Never Have I Ever Review: Redefining South Asian Representation



By Avaani Julka, Assistant Editor

The Netflix hit “Never Have I Ever” released its third season on Netflix on Aug. 12. This year’s season featured many of the same familiar antics for fans of the show: erratic decisions and an overall humorous tone providing a comfortable, binge-watching experience. 

Last season, Devi Vishwakumar (Maitreyi Ramakrishnan) was known for her incredibly awful decision-making, which eventually accumulated into a domino effect of unfortunate events. She believed that she and her mother, Nalini (Poorna Jagnnathan), and cousin, Kamala (Richa Moorjani) were moving to India in the middle of the school year, which she used to justify her behavior. Once she found out that they had decided to stay in Sherman Oaks, California, Devi had to face the consequences of her actions. 

This season, however, did waver in its characterization of Devi. The last season was peak “Crazy-Devi,” with her making incredibly questionable decisions surrounding her love life, friendships, and academic endeavors that left the viewers wanting to scream at the screen. 

This season, Devi shows immense character growth, which was a positive change to see. While she still has the lovable trademarks of her personality (being outspoken and sassy), it is clear that she was able to learn from some of her prior mistakes. Devi is also shown beginning to fully come to terms with her emotions in therapy following the loss of her father, which also provides several heartfelt moments that are truly representative of the complicated mother-daughter dynamic.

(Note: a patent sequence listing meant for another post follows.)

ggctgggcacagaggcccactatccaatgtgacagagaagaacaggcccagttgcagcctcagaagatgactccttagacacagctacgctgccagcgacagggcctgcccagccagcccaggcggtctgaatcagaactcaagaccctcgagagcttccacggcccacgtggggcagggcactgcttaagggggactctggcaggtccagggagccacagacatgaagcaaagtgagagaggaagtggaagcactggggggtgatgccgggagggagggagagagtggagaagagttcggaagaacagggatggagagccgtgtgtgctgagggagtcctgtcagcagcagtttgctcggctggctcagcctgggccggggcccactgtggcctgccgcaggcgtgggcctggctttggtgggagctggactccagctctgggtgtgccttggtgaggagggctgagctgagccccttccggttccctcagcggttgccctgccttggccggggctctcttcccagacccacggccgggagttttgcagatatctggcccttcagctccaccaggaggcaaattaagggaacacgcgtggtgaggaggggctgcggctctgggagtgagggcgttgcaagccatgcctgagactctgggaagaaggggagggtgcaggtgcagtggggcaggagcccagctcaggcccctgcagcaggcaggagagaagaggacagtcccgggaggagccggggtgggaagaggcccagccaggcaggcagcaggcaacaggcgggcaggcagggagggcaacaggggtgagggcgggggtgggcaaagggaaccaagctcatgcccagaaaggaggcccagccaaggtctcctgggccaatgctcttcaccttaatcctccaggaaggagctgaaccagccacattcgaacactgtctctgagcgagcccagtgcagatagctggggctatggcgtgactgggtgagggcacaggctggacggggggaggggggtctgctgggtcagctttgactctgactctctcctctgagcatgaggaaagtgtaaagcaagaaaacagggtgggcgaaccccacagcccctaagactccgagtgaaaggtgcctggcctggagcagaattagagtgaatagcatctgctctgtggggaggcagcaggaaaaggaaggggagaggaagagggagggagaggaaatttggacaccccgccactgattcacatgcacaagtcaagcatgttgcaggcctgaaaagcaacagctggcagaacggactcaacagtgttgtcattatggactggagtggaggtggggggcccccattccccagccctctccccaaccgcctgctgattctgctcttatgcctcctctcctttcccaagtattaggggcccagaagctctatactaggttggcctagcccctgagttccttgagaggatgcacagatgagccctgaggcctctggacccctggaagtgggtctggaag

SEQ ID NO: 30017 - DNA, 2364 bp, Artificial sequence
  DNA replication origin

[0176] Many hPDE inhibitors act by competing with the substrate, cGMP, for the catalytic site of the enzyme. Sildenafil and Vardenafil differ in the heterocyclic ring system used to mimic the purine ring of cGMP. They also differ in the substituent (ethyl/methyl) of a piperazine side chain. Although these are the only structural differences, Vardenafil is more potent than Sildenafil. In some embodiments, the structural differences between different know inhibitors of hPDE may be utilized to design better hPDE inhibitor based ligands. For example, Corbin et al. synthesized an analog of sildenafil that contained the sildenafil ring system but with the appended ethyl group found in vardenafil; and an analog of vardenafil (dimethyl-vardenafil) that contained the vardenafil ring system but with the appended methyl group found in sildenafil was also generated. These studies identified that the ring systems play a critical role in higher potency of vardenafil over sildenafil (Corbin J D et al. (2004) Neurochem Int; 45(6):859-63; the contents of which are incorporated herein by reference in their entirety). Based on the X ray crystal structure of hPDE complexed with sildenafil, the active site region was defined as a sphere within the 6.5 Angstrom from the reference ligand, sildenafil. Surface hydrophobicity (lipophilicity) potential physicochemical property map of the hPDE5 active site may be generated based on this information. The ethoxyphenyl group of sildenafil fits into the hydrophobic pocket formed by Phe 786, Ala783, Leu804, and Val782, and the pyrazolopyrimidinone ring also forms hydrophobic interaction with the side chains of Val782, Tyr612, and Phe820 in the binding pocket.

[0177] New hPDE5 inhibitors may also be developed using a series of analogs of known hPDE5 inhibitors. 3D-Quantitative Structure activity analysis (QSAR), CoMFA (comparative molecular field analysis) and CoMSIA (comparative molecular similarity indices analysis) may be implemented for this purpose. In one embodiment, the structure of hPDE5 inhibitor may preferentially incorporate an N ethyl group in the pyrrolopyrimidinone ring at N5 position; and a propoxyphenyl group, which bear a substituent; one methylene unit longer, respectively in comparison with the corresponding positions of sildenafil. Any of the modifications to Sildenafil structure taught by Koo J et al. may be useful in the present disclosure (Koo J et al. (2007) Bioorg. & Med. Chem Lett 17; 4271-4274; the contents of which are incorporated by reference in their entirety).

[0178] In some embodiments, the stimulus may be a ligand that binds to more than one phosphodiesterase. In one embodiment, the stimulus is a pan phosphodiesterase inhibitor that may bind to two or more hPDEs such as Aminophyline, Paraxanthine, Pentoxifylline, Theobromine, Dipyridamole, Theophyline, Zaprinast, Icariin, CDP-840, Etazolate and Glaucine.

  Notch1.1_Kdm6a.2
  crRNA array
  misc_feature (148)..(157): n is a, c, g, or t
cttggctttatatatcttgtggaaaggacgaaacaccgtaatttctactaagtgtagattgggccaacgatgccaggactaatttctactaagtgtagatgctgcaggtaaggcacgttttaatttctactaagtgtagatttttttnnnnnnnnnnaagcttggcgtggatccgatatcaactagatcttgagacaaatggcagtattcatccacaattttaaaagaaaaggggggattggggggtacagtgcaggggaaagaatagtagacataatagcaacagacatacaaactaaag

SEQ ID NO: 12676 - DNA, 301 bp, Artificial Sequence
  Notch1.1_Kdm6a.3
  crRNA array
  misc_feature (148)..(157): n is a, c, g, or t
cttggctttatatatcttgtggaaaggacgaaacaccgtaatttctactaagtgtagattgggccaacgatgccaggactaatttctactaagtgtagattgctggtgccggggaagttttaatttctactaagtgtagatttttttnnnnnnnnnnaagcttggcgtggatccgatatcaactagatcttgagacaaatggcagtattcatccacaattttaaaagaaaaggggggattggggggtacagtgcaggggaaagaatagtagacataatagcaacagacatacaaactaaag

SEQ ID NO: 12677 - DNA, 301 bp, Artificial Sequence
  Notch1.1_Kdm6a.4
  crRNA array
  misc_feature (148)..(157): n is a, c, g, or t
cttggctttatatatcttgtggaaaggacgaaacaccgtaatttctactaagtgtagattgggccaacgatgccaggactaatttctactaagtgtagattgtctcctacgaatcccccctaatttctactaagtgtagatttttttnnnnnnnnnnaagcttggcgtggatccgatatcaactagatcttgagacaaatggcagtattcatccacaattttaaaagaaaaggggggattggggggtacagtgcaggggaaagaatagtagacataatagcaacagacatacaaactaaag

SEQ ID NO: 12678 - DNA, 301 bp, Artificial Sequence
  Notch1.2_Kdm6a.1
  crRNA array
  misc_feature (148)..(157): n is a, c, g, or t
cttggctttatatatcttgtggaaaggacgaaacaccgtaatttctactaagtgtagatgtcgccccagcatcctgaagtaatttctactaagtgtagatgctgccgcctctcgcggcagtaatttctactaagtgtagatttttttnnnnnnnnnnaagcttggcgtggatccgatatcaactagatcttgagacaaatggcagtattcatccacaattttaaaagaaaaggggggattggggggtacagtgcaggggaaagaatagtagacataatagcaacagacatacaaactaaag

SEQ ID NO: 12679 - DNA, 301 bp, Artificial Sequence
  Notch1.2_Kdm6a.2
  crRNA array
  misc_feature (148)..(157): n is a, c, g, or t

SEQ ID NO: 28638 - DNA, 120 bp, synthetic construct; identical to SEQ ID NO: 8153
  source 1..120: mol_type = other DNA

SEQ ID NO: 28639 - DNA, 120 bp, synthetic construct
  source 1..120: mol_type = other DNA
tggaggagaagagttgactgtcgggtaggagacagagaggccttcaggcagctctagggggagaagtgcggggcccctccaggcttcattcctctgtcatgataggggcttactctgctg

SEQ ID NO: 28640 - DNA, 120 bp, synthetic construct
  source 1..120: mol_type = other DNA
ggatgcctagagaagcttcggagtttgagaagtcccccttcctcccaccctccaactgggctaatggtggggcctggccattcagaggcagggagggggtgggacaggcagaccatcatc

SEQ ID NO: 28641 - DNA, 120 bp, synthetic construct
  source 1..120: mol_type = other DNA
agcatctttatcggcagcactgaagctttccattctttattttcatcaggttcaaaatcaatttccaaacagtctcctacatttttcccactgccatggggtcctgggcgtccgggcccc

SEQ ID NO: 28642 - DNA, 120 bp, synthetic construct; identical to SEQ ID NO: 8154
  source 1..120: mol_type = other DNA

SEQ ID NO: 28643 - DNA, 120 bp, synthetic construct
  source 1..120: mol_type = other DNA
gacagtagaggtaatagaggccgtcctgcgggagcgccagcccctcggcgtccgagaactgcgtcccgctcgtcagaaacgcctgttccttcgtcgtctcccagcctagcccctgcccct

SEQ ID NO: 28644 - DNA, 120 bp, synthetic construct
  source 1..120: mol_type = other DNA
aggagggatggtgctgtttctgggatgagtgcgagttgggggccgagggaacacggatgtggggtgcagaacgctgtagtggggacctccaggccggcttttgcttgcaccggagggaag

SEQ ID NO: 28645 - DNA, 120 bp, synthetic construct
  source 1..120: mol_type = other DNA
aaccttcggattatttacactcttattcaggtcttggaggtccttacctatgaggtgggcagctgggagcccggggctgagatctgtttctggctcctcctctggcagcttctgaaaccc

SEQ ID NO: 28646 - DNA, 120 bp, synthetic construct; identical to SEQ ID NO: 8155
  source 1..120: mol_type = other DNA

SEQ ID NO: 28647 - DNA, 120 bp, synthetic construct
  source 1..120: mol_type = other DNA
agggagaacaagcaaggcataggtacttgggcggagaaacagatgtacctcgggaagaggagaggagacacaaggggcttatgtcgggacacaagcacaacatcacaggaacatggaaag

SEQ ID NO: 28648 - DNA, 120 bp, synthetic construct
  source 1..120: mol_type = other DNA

One aspect of the show that  it is most accredited for is its representative nature. The cast is incredibly diverse with positive LGBTQ+ representation, and characters each having their own complex arcs. This is incredibly refreshing to see on mainstream television. More shows than I can count have token minority characters whose identities inherently serve as comic relief. This is what “Never Have I Ever” does well it exemplifies the idea that minority characters don’t exist just to be the punch line. 

As an Indian-American girl, I see much of myself in Devi and her other Indian friends, which is something I lacked growing up while watching TV.

This season also adds a new potential love interest for Devi  an Indian boy named Des (Anirudh Pisharody). He calls Devi out on her internalized racism, which for many viewers (such as myself) was a relief. It’s also really uncommon to see an Indian boy’s character not be demoted to the unlikable nerd, but rather to be a boy that is viewed as attractive and cool. This was a great step forward in dissolving the stereotypical narrative that has followed South Asians for so long. 

The show also depicts an Indian girl being pinned for, which is something that hasn’t been present in media previously, but is starting to emerge thanks to shows like “Never Have I Ever” and “Bridgerton.” This season may have its differences, but it carries the same original intent of the show — representation that doesn’t feel forced. 

The beloved cast is still present, with Fabiola Torres (Lee Rodriguez), Eleanor Wong (Ramona Young) and Aneesa Qureshi (Megan Suri) being her best friends throughout the series, as well as Paxton Hall-Yoshida (Darren Barnett) and Ben Gross (Jaren Lewison) providing the famous love-triangle dynamic once again. Whether you’re Team Ben, Team Paxton, or even Team Devi, you are surely going to enjoy this season.